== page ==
A crow flew off from the flag atop a pole at the security post in Pakistan’s side of Punjab and, covering a few yards in the sky, came to sit on the Indian flag at Dera Baba Nanak —a village on Indian side of Punjab. Standing just near the Radcliffe line, I watched the crow with envy—Alas, I was not as lucky as the feathered denizen to crisscross the borders at will.
I was among the visitors who had gone at the India-Pakistan borders to see Pakistan, its farm-fields full with green wheat crops, farmers and the Gurudwara at Kartarpur in Punjab side of Pakistan. Guru Nanak had settled and mingled with the Almighty near the village Pakhoke, opposite to Kartarpur — a town which lies over the border in Pakistan. From Dera Baba Nanak, we could easily see across the border into Pakistan and Gurudwara across the river Ravi at Kartarpur.
Four farmers were driving tractor to spray some insecticide in their wheat filled farm on Pakistan side. The sprawling farm ended at the no man’s land, just 10 yards away from the pedestal we had stood on, at Dera Baba Nanak on the Indian side. On our side of the no man’s land was spread the farm field—filled with similar wheat crops—belonging to the Indian farmers. Incidentally, no farmer was there on the Indian side when I visited the borders on February 11, 2018.
One of the Pakistan farmers—clad in black salwar-kamij or Pathan suit—was strolling, carrying a gunny bag in his field, barely a few yards from us. A carrot colour dog negotiated through the gap of barbed wire on the Indian side and went running to the Pakistan farmer. I vividly saw the canine wagging his tail near the Pakistan’s farmer and trying to knock his mouth in the bag the farmer was holding. The farmer brought out some eatables from his bag and lobbed it at the dog which began merrily eating it.
Gajjan Singh, a Dera Baba Nanak villager, explained, “The dog, which usually loiters around the Gurudwara at Dera Baba Nanak, crosses the barbed wire whenever it sees that farmer. The farmer brings some pieces of meat/chicken which the carnivorous dog relishes”.
Another old man, standing near Gajjan and caressing his fingers through his moustache and beards casually said, “The dog does not relish poori, halwa and sweets served in the Gurudwara’s langar. He crosses the border as soon as he sees that farmer coming in at his field”.
Tell it my foolish emotion or my inability to see the things in a “pragmatic” manner that a journalist is supposed to see, I turned envious to the dog and even complained to the Almighty why did he not make me that dog and the crow who were enjoying their freedom of movement through the “farce” of the man made borders.
I felt like breaking all the laws that prohibited me from going to the farm and its owners across the border and talking to them in Punjabi or Urdu. After all, they looked like me. Their forefathers must have talked animatedly, played together, shared their grief and happiness for decades or centuries on what is now a no man’s land—barely 10 yards away from the place I was standing.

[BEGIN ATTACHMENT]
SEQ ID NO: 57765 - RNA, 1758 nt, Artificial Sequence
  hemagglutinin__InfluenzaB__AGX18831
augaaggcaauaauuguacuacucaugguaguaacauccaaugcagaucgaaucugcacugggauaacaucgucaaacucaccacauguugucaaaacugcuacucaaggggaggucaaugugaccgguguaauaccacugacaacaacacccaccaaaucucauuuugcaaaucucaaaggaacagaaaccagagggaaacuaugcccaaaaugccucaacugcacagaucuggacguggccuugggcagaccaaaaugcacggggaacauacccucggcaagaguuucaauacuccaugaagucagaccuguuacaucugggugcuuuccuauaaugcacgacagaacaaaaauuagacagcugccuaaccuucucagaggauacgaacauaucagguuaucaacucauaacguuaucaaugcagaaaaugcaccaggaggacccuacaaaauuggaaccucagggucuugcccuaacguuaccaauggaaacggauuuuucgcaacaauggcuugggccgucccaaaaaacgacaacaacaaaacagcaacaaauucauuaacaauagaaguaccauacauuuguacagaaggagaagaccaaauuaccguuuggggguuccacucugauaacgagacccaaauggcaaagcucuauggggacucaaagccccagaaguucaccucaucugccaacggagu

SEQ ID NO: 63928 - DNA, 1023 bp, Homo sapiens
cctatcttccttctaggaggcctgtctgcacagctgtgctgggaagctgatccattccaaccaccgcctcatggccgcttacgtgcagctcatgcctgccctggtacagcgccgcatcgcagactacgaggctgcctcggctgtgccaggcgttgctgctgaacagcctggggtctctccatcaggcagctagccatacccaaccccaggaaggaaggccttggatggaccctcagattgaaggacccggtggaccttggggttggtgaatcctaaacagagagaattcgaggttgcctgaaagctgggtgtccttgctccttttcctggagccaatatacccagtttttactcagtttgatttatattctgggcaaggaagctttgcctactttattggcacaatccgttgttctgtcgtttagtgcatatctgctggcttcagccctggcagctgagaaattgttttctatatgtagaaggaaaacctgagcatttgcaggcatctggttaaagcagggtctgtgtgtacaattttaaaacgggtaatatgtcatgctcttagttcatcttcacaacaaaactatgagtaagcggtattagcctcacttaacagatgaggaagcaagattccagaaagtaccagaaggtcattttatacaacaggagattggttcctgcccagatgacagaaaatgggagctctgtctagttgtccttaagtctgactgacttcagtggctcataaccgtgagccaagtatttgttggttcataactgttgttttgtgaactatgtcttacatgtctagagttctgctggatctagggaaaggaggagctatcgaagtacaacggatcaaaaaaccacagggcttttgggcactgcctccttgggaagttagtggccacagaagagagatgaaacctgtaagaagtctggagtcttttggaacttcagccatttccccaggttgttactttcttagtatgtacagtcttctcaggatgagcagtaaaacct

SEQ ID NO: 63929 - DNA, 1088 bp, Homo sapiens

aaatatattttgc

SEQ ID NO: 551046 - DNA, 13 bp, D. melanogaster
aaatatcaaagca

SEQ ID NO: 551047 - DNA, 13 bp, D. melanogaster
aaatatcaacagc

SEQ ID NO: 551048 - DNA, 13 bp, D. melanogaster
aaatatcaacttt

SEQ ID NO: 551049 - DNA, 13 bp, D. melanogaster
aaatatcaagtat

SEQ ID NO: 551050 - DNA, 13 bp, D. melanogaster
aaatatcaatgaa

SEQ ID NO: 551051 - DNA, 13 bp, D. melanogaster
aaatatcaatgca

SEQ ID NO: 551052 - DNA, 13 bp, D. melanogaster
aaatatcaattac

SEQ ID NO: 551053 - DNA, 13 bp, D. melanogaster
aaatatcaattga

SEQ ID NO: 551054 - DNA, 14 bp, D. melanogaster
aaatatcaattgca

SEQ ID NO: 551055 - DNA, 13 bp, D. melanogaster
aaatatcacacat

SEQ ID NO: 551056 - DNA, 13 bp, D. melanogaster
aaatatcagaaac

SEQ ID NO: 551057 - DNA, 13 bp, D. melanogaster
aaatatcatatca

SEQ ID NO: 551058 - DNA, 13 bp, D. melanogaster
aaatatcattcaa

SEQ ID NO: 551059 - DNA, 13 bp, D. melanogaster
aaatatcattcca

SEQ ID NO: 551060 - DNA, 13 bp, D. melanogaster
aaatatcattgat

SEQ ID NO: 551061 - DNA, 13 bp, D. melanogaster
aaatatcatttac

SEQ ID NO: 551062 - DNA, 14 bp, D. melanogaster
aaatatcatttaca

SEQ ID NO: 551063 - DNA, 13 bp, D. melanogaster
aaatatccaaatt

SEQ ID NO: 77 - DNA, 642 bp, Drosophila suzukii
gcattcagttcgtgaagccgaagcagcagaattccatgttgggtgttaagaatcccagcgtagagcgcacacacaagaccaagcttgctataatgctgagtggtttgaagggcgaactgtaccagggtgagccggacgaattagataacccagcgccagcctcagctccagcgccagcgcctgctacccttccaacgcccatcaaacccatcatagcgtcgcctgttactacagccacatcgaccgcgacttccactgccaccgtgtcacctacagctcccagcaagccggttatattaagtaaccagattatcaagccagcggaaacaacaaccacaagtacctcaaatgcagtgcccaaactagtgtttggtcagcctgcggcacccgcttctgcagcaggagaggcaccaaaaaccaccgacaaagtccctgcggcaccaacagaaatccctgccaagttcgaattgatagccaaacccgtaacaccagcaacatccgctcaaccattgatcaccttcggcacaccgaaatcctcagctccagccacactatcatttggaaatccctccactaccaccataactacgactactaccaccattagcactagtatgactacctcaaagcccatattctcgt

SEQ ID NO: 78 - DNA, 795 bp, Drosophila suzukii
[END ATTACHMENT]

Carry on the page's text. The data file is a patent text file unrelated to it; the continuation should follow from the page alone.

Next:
The progenies are supposed to inherit the legacy, heritage and property of their ancestors. Why have we—on both the sides of the divide—been denied of the legacy to live together for centuries till 70 years ago? I felt the crow and the dog have better understanding, defying the farcical geographical divide for all these 70 years. I found the dog and crow wiser than us on that day.
On my return journey to Lovely Professional University, Jalandhar—my present place of posting—I was engrossed in the thought of getting born as a crow or dog in my next birth. My colleague at LPU, Anupam Kumar was driving the car. I was thankful to Anupam for not disturbing me through my melancholic thought while driving. My wife, Manju was looking for some farm fresh vegetables on the way flanked by cauliflowers. She was getting upset at my silence.
For some moments, I thought the so called “greats”—Mahatma Gandhi, Mohammad Ali Jinnah, Jawaharlal Nehru, Liyakat Ali Khan and also the mandarins of the present governments on both the sides of the divide—as “selfish” or “insensitive” souls. Did they consult the people in Kartarpur and Dera Baba Nanak to separate them forever and leave their progenies to turn enemies?
We stopped at a dhaba near Gurdaspur to have some snacks and tea. My eyes fell on a newspaper which showed that “infiltrators” of Pakistan had crossed the LoC in Kashmir, killing a few Indian jawans and Indian jawans had retaliated, killing some Pakistani jawans. I also heard some “knowledgeable” people talking about how China was “helping” Pakistan to settle score with India and how India was morphing itself into a “tough” state from a “soft” one against Pakistan. I preferred to pose as a fool, keeping out from such conversation.
When I was back at LPU, my friend and learned colleague in Film Production department, Simran S Kaler shared with me Baba Bulle Shah’s kalaam: “You pray in the day, but sleep at night.
During the night, dogs are awake. They are better.
They cannot stop barking at night while during the day they sleep at stones. They are better”.
Despite my melancholy and despondence, I am a diehard optimist. I believe that someday—may not be in my lifetime—the people on both the sides of divide will start loving and living together without sacrificing on their sovereignty and cultural and religious identity. I chant zindabad to the people of both the countries—India and Pakistan and wish for their salamati. Let us sing: Hum Hongein Kamyab ek Din…